The defendant asserts that the trial court erred in denying his motion for substitution of judge. We conclude that the defendant's motion and affidavits established the appearance of prejudice against the defendant and the motion should have been granted.

Several weeks after this case had been assigned to Judge Ela, the defendant's attorneys, who were state public defenders, informed the trial judge that they had just discovered information which tended to show that the judge was prejudiced against the defendant. The second paragraph of defendant's verified motion for substitution of judge stated:

"2. As evidenced by the attached affidavits, defendant believes that this Court, even prior to the time defendant was arrested and charged in the instant case, has made statements which indicate the Court's belief in the guilt of the defendant. The fact of such statements having been made suggests the Court has prejudged the instant case and issues raised thereby."

Two affidavits were filed in support of the motion. One affiant, Rollie Rogers, who was then the Colorado State Public Defender, stated that he was a party to a conversation with Judge Ela when the judge said that there were four unsolved homicides in Mesa County and that there was a suspect but that no one was in custody. The affidavit set forth that Judge Ela said: "I know what I would do, I would put the guy in jail, choke a confession out of him and charge him with the first degree murders." Judge Richard D. Greene, who was the second affiant, corroborated the first affiant's statements.

Judge Ela denied the motion. He ruled that the motion was untimely because more than ten days had elapsed between the time when the case was assigned to him and the time when the motion was filed. The judge concluded: "Admittedly, though local counsel of the Public Defender's office, and Mr. Foreman from the State Public Defender's office did not know of the alleged grounds for disqualification, they are bound by the knowledge of Rollie Rogers, Esq., who is a member and director of their office. Under the rule, the motion was not timely filed." Moreover, the trial judge concluded that the affidavits did not state sufficient grounds for disqualification. The court concluded that the motion and the supporting affidavits were legally insufficient because: (1) the affidavits did not in themselves allege any belief on the part of the affiants that the judge was prejudiced; (2) the judge's remarks could not have been directed towards the defendant individually because the defendant was not in custody at the time the remarks were made; (3) the agency relationship between the defendant and Rollie Rogers, the Colorado State Public Defender, disqualified Rogers from being a proper person to file an affidavit in support of the motion; and (4) the motion was conclusory in nature.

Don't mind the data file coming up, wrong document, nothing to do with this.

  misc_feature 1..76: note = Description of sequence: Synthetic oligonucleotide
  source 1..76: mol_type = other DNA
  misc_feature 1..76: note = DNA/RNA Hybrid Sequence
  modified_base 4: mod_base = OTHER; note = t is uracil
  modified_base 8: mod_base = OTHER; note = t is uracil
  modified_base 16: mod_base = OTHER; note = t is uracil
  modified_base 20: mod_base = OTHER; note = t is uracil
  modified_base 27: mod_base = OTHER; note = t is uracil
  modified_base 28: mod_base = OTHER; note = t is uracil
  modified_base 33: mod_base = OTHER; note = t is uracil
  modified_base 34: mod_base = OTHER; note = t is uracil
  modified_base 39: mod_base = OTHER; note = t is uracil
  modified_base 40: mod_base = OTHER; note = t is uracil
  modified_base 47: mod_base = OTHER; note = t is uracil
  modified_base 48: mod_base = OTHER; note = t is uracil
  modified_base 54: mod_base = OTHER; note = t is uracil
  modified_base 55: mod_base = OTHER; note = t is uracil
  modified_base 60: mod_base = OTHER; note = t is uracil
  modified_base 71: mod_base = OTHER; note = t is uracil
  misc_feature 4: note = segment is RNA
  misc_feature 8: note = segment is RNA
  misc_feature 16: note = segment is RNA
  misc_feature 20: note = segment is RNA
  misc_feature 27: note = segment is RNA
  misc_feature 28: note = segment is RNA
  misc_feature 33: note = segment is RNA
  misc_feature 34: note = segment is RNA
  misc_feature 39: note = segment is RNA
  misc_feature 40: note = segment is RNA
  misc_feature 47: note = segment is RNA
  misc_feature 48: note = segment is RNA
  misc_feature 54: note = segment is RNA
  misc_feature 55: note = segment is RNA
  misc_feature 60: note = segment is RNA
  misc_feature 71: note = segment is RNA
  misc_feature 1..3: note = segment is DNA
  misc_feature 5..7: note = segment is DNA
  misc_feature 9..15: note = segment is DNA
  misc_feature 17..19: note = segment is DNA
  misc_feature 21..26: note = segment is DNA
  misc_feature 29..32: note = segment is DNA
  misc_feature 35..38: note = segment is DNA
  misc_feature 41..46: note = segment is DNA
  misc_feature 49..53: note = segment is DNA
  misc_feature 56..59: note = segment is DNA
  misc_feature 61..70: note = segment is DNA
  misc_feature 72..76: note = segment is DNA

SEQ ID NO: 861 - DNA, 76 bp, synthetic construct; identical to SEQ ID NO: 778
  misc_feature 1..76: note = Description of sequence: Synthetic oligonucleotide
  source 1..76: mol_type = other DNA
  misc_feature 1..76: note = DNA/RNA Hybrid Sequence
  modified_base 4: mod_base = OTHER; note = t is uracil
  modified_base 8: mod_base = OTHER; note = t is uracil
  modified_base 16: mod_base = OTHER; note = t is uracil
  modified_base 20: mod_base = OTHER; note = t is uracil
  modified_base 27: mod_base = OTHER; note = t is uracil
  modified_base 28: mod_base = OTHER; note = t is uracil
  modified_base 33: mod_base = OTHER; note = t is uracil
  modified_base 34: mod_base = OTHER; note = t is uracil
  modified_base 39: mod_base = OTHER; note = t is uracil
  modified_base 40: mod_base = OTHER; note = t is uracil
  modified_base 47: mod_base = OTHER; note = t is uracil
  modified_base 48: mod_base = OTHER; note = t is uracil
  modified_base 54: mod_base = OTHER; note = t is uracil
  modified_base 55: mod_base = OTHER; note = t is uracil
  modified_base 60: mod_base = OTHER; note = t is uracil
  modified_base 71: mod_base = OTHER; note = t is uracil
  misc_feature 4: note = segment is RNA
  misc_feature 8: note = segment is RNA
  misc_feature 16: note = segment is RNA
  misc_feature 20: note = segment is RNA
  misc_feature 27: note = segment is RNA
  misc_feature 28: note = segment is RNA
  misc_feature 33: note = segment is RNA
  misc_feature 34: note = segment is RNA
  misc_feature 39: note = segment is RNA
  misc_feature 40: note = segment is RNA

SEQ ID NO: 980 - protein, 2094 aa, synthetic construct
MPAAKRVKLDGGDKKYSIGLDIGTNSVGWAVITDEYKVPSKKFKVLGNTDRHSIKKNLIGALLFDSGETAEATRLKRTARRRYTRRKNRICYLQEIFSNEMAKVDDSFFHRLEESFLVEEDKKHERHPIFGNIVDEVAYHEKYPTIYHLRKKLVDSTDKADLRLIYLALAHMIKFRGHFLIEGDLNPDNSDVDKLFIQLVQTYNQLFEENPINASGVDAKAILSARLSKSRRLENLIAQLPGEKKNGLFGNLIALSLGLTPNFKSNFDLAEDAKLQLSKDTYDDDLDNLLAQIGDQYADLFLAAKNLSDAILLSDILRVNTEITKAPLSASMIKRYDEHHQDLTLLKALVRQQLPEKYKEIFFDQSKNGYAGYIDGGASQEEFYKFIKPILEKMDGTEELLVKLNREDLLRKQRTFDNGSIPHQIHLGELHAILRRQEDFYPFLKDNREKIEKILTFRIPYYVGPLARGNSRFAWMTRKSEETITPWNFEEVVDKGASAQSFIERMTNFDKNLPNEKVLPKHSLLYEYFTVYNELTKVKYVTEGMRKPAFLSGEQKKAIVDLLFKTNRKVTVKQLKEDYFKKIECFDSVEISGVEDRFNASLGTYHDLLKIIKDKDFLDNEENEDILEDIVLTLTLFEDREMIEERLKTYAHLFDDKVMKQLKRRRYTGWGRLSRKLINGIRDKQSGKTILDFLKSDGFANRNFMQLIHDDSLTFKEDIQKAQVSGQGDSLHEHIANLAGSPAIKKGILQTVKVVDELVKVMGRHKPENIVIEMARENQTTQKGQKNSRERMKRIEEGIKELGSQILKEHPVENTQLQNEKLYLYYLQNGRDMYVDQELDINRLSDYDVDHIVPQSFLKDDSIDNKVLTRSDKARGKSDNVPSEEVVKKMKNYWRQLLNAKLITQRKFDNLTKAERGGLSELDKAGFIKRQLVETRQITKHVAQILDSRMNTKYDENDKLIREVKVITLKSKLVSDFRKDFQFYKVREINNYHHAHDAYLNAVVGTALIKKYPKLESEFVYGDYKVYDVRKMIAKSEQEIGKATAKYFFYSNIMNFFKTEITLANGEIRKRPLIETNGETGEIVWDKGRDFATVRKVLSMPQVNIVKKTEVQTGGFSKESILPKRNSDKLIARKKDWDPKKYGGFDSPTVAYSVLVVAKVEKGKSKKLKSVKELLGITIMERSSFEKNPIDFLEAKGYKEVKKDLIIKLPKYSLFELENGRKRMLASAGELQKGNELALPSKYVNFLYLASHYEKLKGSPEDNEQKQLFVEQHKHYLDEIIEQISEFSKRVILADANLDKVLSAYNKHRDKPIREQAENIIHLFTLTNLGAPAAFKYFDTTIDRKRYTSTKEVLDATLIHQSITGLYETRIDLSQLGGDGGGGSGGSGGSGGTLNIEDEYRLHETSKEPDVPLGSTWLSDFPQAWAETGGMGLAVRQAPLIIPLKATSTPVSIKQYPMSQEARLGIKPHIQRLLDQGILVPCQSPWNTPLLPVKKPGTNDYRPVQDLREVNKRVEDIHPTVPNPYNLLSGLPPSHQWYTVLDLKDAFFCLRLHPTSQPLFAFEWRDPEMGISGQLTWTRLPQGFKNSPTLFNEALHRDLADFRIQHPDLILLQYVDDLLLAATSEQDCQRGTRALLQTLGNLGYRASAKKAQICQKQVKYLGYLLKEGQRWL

Crim.P. 21(b) provides:

"(1) Within ten days after a case has been assigned to a court, a motion, verified and supported by affidavits of at least two credible persons not related to the defendant, may be filed with the court and served on the opposing party to have a substitution of the judge. Said motion may be filed after the ten-day period only if good cause is shown to the court why it was not filed within the original ten-day period. The motion shall be based on the following grounds:"

"(IV) The judge is in any way interested or prejudiced with respect to the case, the parties, or counsel "

Section 16-6-201, C.R.S.1973, states:

"(1) A judge of a court of record shall be disqualified to hear or try a case if:"

"(d) He is in any way interested or prejudiced with respect to the case, the parties, or counsel."

"(3) A motion for change of judge on any ground must be verified and supported by the affidavits of at least two credible persons not related to the...